Category Archives: United Kingdom

12/08 Who profits from relaxed rules to allow micro homes? Rules are bonkers, says Royal Institute of British Architects

Julia Park

Julia Park, interim chair of RIBA’s (Royal Institute of British Architects’) housing group, speaks at a London Assembly session.

RIBA’s housing lead has dubbed the ability of new housing developments that feature communal space and very small living units to skirt planning rules a “scandal”.

Julia Park, who is interim chair of the institute’s housing group, told a London Assembly Housing Committee session on space standards that it was “bonkers” that some housing types did not need to conform to the same accessibility and space standards as other buildings such as prisons.

The discussion was called to investigate whether the capital’s space standards, now adopted nationally, were a brake on the delivery of new homes and whether smaller homes would be cheaper to develop.

Park saved her strongest concerns for the growth of student-housing style micro homes.

“They’re a specific part of the private rental sector, and they’re smaller – below the space standards typically,” she said.

“They get treated as ‘sui generis’ in the planning process, which means we don’t have a proper debate. It’s bonkers…”

Toby Lloyd, policy director at housing charity Shelter, said market pressures – particularly in relation to land values – would immediately absorb any savings from the development of smaller homes.

“People assume that if you make homes smaller it will make them cheaper, but it doesn’t,” he said.

“All it means is that the land-owner can extract more value from the development process.”

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Zoning Considerations in the United Kingdom

screen-shot-2016-11-06-at-4-38-47-pmI doubt I’m the only person who dreams of owning a piece of land (preferably with friends) on which to build affordable eco-houses and grow food and fuel. This is difficult in the UK due to the vast disparity between the price of agricultural land (4,000-10,000/acre) and land with planning permission (200,000+/acre). Whilst politicians continue to trot out the usual rhetoric: ‘sustainable development/lifestyles/communities, zero carbon housing, blah, blah, blah’, what, if anything, has actually changed on the ground to make land accessible to Permaculturists and/or Transitioners of modest means and self-sufficient dreams?

Should I Take The Risky Road?

You may have heard tales of people in the UK who have ‘succeeded’ in creating their dream communities by buying land, moving onto it without planning permission, living in teepees, benders, yurts, caravan/cabin hybrids or whatever, spending years battling with their local planning officials, and finally winning retrospective planning permission. Permission, however, often comes with less well-known conditions attached e.g. Ben Law’s planning permission for his house is a silvicultural tie, i.e. it applies to running a wood-land business and charcoal burning on the land and has a personal tie to Ben Law himself.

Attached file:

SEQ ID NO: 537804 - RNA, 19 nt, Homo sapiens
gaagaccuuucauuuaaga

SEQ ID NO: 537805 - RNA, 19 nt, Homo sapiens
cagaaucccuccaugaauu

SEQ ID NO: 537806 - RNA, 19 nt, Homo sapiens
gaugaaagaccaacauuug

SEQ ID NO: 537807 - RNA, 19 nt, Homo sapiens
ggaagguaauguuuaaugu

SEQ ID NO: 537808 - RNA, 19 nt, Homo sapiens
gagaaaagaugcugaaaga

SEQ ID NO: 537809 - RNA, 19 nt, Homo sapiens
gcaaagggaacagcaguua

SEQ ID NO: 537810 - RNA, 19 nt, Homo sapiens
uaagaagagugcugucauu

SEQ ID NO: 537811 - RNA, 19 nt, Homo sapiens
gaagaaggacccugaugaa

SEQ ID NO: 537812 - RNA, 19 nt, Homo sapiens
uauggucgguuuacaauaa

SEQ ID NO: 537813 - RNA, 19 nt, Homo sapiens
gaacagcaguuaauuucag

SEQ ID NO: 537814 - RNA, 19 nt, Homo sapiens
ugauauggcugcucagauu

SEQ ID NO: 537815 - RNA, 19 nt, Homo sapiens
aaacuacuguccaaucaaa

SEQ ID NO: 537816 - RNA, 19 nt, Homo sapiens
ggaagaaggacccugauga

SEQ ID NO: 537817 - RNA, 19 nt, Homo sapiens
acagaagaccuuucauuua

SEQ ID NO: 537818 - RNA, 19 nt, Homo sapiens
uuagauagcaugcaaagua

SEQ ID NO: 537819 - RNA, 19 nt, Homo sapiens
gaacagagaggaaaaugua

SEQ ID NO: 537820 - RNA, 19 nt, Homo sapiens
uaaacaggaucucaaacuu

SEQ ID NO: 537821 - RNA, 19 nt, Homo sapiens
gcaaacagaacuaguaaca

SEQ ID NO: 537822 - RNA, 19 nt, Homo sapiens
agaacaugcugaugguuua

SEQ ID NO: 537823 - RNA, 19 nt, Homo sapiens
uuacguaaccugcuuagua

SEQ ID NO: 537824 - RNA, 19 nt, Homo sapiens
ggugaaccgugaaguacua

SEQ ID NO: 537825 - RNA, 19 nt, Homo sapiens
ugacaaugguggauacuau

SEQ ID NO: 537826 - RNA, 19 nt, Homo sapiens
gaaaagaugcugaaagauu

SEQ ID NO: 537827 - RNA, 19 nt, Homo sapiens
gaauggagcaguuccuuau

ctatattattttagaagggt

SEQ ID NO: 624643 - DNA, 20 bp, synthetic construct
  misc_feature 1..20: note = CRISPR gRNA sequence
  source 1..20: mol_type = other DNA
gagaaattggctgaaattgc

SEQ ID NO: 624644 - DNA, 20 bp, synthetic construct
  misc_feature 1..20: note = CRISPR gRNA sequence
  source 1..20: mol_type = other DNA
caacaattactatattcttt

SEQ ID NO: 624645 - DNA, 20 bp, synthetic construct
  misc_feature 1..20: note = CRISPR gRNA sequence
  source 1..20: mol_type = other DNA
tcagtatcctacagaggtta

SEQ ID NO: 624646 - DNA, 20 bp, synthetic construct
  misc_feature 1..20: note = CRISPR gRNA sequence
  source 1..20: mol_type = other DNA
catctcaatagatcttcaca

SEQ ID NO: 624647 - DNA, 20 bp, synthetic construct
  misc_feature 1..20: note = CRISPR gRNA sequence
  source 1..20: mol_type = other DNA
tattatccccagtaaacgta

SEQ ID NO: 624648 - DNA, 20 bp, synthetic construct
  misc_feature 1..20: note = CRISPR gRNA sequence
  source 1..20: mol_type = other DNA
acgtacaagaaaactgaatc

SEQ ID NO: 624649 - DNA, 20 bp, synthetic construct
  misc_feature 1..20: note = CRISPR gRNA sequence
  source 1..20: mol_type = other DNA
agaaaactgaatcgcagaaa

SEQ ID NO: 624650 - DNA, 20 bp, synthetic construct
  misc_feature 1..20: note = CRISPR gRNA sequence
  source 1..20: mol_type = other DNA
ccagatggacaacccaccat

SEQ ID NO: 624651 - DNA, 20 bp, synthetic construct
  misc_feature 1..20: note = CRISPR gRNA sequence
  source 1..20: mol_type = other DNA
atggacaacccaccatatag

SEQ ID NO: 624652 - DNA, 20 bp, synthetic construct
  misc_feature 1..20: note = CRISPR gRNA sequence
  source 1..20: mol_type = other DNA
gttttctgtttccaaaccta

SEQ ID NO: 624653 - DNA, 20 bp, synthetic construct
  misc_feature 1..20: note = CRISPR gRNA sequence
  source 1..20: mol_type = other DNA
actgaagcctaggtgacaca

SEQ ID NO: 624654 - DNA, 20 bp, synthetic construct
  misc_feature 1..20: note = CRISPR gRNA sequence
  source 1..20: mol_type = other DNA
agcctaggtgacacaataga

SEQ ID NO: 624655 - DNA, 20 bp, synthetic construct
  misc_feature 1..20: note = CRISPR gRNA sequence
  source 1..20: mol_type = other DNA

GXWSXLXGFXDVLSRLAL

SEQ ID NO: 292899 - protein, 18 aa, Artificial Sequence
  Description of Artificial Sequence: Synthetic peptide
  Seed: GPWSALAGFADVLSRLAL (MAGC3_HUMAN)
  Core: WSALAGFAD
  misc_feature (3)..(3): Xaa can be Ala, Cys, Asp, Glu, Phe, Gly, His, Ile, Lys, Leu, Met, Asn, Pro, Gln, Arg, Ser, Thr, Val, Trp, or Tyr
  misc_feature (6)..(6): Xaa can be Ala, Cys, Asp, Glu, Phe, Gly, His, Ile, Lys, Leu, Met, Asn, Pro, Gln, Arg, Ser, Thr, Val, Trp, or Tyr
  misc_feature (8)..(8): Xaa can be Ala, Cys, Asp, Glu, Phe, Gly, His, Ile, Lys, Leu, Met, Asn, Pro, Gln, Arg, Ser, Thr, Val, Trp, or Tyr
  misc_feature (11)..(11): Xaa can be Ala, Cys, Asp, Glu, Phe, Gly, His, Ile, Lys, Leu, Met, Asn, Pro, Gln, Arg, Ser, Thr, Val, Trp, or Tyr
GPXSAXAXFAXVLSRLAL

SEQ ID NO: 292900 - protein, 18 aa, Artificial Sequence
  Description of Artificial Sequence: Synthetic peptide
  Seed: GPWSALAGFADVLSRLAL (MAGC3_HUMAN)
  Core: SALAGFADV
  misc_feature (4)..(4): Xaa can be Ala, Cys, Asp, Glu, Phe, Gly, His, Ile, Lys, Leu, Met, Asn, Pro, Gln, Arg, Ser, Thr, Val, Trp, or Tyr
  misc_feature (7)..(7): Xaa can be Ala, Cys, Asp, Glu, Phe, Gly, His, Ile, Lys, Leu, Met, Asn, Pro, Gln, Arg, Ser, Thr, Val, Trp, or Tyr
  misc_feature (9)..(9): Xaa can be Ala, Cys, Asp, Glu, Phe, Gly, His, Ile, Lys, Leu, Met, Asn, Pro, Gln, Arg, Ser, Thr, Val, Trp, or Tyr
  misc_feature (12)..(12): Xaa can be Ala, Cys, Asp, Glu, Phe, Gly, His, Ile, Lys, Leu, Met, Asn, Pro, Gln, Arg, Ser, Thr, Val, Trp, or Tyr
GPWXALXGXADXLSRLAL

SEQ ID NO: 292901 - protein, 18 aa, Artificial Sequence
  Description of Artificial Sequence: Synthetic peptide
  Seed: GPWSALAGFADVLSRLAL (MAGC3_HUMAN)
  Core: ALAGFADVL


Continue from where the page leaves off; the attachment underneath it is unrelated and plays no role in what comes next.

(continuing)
The Ten Year & Four Year Rules

There are rules, which apply UK wide, state that if you live in a caravan for 10 years or a building for four years, unnoticed by the powers that be, the dwelling becomes ‘lawful’ and you can apply for a ‘certificate of lawfulness’. Clearly this means you need tolerant neighbours and that you will spend four to 10 years living with insecurity. Should someone complain about your dwelling, even at the 11th hour, you can be served an enforcement notice and rendered homeless. None-the-less, there are undoubtedly people up and down the UK pursuing this strategy, hidden away in bits of wood-land; mostly, I suspect, single people or couples. It would be harder to conceal a community for years…

Safer Routes: The DIY Farm/Smallholding

Another tactic open to single house-holds is to buy a suitable piece of agricultural land and submit an ‘agricultural prior notice consent form’ to the local planning office detailing the agricultural building you intend to build on your land. This is ‘permitted development’ on agricultural land and hence doesn’t need planning permission. You should receive consent within 28 days and are then entitled to commence building.

You can then legally site a temporary mobile home on the land to live in whilst you build your barn (and set up your business). Your temporary accommodation can remain in place for five years (presumably as long as you are still building your barn) during which time you need to develop your business to generate as much income as possible.

At the end of five years you apply for planning permission to build a house. You must prove that you need to live on-site in order to run your business, e.g. caring for livestock that breed all year round, and that your business generates sufficient income to support you.

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